The June 2006 Edition of Street Spirit

A publication of the American Friends Service Committee


National AFSC AFSC Economic Justice BOSS Website



In this issue:

From Prison to Priesthood

Interview with Father James Tramel

Protest Demands Housing for Poor Families

Oakland Judge Blocks Evictions

Fresno Police Demolish Tent Encampment

Extremists Call for Attacks on Immigrants

Unjust Senate Bill on Immigration

World Bank and IMF Face Crisis

Corporate Media Fail to Address Global Hunger

Raise Minimum Wage for All

The Journey of Charlotte Tall Mountain

Dying for Nixon, Dying for Bush

In Santa Cruz Dreams Come True

Tourists Ignore Kenya's Poverty

June Poetry of the Streets


May 2006

April 2006

March 2006

February 2006

January 2006

November 2005

October 2005

September 2005

August 2005

July 2005

June 2005

May 2005

April 2005

March 2005

February 2005

Street Spirit is published by American Friends Service Committee.

All works are copyrighted by the authors.

The views expressed in Street Spirit are those of the individual authors alone, and not necessarily that of the American Friends Service Committee.

Dreams Come True in Santa Cruz

"Changing mental health care relies heavily on programs like MHCAN that empower individual consumers to find their own paths to recovery and share their journey with others."

by Joy Bright McCorkle

Excitement and pride are pulsing through the hearts of Santa Cruz's mental health community. Last month, the Mental Health Client Action Network (MHCAN) hosted the first annual "Wellness Recovery Roundtable." The purpose of this meeting was to discuss how to develop consumer leadership at the county level, as well as gleaning information about existing programs.

Mental health consumers attended from 15 counties, and came from as far away as Long Beach. The consumers discussed how to spend the Proposition 63 monies from the Mental Health Services Act (MHSA) to improve client-run services in their respective counties. According to the mandate of the MHSA, some of the money is to be spent for "prevention and early intervention and medical and supportive care. Funds shall be available to provide services that are not already covered by federally sponsored programs."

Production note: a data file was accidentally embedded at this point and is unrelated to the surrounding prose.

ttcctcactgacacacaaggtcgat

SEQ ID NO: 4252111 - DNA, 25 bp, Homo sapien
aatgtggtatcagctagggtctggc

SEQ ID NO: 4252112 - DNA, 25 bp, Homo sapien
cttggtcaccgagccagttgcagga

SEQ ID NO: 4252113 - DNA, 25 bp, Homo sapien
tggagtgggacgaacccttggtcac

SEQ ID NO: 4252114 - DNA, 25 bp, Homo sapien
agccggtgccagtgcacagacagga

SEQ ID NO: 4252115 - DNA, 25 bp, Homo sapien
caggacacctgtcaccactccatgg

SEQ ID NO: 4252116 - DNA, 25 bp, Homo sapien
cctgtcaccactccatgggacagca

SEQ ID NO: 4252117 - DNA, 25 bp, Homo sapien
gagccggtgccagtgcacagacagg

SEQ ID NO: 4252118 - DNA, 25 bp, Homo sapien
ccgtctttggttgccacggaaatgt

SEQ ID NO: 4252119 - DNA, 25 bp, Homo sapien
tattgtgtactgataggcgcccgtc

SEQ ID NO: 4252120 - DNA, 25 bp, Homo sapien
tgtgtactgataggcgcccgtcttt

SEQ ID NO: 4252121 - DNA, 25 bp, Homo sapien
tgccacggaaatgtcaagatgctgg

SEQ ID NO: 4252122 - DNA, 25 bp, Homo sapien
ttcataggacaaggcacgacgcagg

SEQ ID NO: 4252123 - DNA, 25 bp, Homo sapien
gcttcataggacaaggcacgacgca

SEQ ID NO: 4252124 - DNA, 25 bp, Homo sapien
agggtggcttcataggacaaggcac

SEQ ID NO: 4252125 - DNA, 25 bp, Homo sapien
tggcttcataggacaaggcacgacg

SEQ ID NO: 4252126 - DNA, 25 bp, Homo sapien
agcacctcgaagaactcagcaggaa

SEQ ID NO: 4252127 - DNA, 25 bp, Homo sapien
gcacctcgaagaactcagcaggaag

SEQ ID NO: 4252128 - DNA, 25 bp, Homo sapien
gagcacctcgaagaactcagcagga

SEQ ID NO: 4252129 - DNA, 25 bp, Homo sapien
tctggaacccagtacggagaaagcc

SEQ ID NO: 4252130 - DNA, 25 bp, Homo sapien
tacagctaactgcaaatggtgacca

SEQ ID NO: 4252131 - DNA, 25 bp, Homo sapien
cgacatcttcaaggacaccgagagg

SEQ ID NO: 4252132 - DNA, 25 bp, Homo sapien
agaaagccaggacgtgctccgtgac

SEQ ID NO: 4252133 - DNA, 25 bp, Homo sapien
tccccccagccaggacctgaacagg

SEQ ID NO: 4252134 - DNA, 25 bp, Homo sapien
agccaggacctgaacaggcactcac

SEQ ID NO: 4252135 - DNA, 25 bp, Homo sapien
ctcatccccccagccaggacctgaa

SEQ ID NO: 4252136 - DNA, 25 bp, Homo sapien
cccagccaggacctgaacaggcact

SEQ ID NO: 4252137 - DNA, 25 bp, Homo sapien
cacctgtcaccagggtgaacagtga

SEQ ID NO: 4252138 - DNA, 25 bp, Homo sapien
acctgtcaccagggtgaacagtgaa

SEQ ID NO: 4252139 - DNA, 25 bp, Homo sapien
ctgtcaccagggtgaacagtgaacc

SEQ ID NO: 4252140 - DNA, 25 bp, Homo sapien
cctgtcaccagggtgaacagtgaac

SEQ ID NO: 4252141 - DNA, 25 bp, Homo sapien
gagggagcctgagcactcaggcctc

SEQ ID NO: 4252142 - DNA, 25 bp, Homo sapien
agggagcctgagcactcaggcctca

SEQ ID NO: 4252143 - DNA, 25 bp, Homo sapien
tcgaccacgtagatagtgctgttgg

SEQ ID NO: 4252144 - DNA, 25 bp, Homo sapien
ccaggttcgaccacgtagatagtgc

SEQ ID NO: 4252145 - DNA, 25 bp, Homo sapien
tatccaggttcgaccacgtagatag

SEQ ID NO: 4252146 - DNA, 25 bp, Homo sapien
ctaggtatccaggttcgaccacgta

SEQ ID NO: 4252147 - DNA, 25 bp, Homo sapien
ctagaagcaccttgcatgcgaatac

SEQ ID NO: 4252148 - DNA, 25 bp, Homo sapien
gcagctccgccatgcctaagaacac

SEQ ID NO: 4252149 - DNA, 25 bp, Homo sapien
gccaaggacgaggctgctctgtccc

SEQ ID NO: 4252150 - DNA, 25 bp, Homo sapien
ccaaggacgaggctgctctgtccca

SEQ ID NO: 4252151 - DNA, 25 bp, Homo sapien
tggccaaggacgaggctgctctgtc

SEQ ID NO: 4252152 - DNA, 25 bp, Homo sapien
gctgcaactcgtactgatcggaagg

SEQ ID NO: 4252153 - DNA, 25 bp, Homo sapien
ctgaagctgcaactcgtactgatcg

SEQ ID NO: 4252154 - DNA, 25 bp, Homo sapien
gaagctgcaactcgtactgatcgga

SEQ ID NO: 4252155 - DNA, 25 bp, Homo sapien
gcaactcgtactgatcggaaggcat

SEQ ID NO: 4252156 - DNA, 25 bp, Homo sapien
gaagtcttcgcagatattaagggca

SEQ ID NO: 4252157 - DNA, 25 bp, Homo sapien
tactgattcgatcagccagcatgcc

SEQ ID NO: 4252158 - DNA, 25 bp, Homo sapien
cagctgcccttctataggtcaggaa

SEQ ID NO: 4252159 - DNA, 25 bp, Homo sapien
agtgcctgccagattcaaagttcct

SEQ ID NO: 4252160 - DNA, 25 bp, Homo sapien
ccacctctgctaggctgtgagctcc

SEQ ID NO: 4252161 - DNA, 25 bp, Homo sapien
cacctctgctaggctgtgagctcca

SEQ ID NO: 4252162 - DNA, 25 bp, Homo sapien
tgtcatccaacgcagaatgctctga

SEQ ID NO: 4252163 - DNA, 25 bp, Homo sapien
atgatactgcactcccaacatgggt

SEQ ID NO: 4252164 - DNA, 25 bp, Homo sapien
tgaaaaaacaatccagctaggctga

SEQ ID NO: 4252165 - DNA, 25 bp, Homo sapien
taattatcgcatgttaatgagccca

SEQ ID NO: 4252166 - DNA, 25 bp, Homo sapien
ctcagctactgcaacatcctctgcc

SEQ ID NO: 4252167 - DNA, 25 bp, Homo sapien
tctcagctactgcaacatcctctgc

Those attending voiced their dreams of a drop-in center, and ideas ranged from hiring an on-site psychiatrist to creating a spa setting -- a Zen-like garden for clients to sit and meditate. Everyone went home with new ideas and an understanding of what worked and didn't work. The rules were set aside and the consumers just dreamed.

It was just such a dream that started MHCAN in Santa Cruz after a group of concerned mental health clients attended a conference called "Alternatives" in Berkeley 15 years ago. The participants of that conference dreamed of a client-run organization where consumers could meet, have some coffee, and get support on their road to recovery.

In the beginning, the consumers met once a week for coffee. Now, thanks to the community and some talented clients, it has grown far beyond that. MHCAN has a computer lab with 14 computers, and hosts 22 self-help groups, ranging from a stained-glass craft class to Dual Recovery Anonymous meetings. Currently open four days a week, with the MHSA money, MHCAN hopes to be open six days a week by the end of the year.

The flatware sparkled and the appetizer trays were laden with food on May 12, 2006, when people gathered to thank the donors who assembled to hear speakers, including Congressman Sam Farr (D-CA) and Assembly member John Laird (D-Santa Cruz). They honored the leadership donors of MHCAN's Capital Campaign to purchase the building that houses the drop-in center.

Through Santa Cruz's generosity for the past two years, MHCAN Executive Director Suzanne Koebler has been able to raise 85 percent of the needed capital to buy the building at Soquel and Cayuga Street, and make it a permanent home for the drop-in center and the various programs needed to enhance the client-run organization.

Sam Farr said, "Changing mental health care relies heavily on programs like MHCAN that empower individual consumers to find their own paths to recovery and share their journey with others."

Speakers urged that the donors help the capital campaign to bring psychiatric disabilities out of the closet. "The fact that prominent people from our community are willing to stand up and say they support our mission means a lot to us," noted Ron Myers, a consumer and leader in the Dual Recovery movement.

It has been shown by a research study (Consumer Operator Service Provider) that both outreach and supportive client services enhance the existing programs and lower the incidents of acute intervention and hospitalization. Rama Khalsa, director of the County Health Services Agency, stated, "Nothing as significant as this (MHSA) has happened in the past 20 years."

Ron Myers said, "Providers can't communicate with clients like peers can," and that has been the belief of many mental health consumers for years.

The evening ended with the mention of Grace Commons, which will be erected next to the drop-in center, and will house 15 consumers in one-bedroom apartments. MHCAN and the Santa Cruz Community Counseling Center obtained financing with the help of the City's Housing and Community Development and HUD.

Grace Commons will provide much needed affordable, independent housing in one of the country's most expensive rental markets. After Grace Methodist Church burned in 2000, using the land for Grace Commons became another dream of MHCAN. Groundbreaking on this project is scheduled for later this year.

It all starts with a dream. In Santa Cruz, some of those dreams are coming true!

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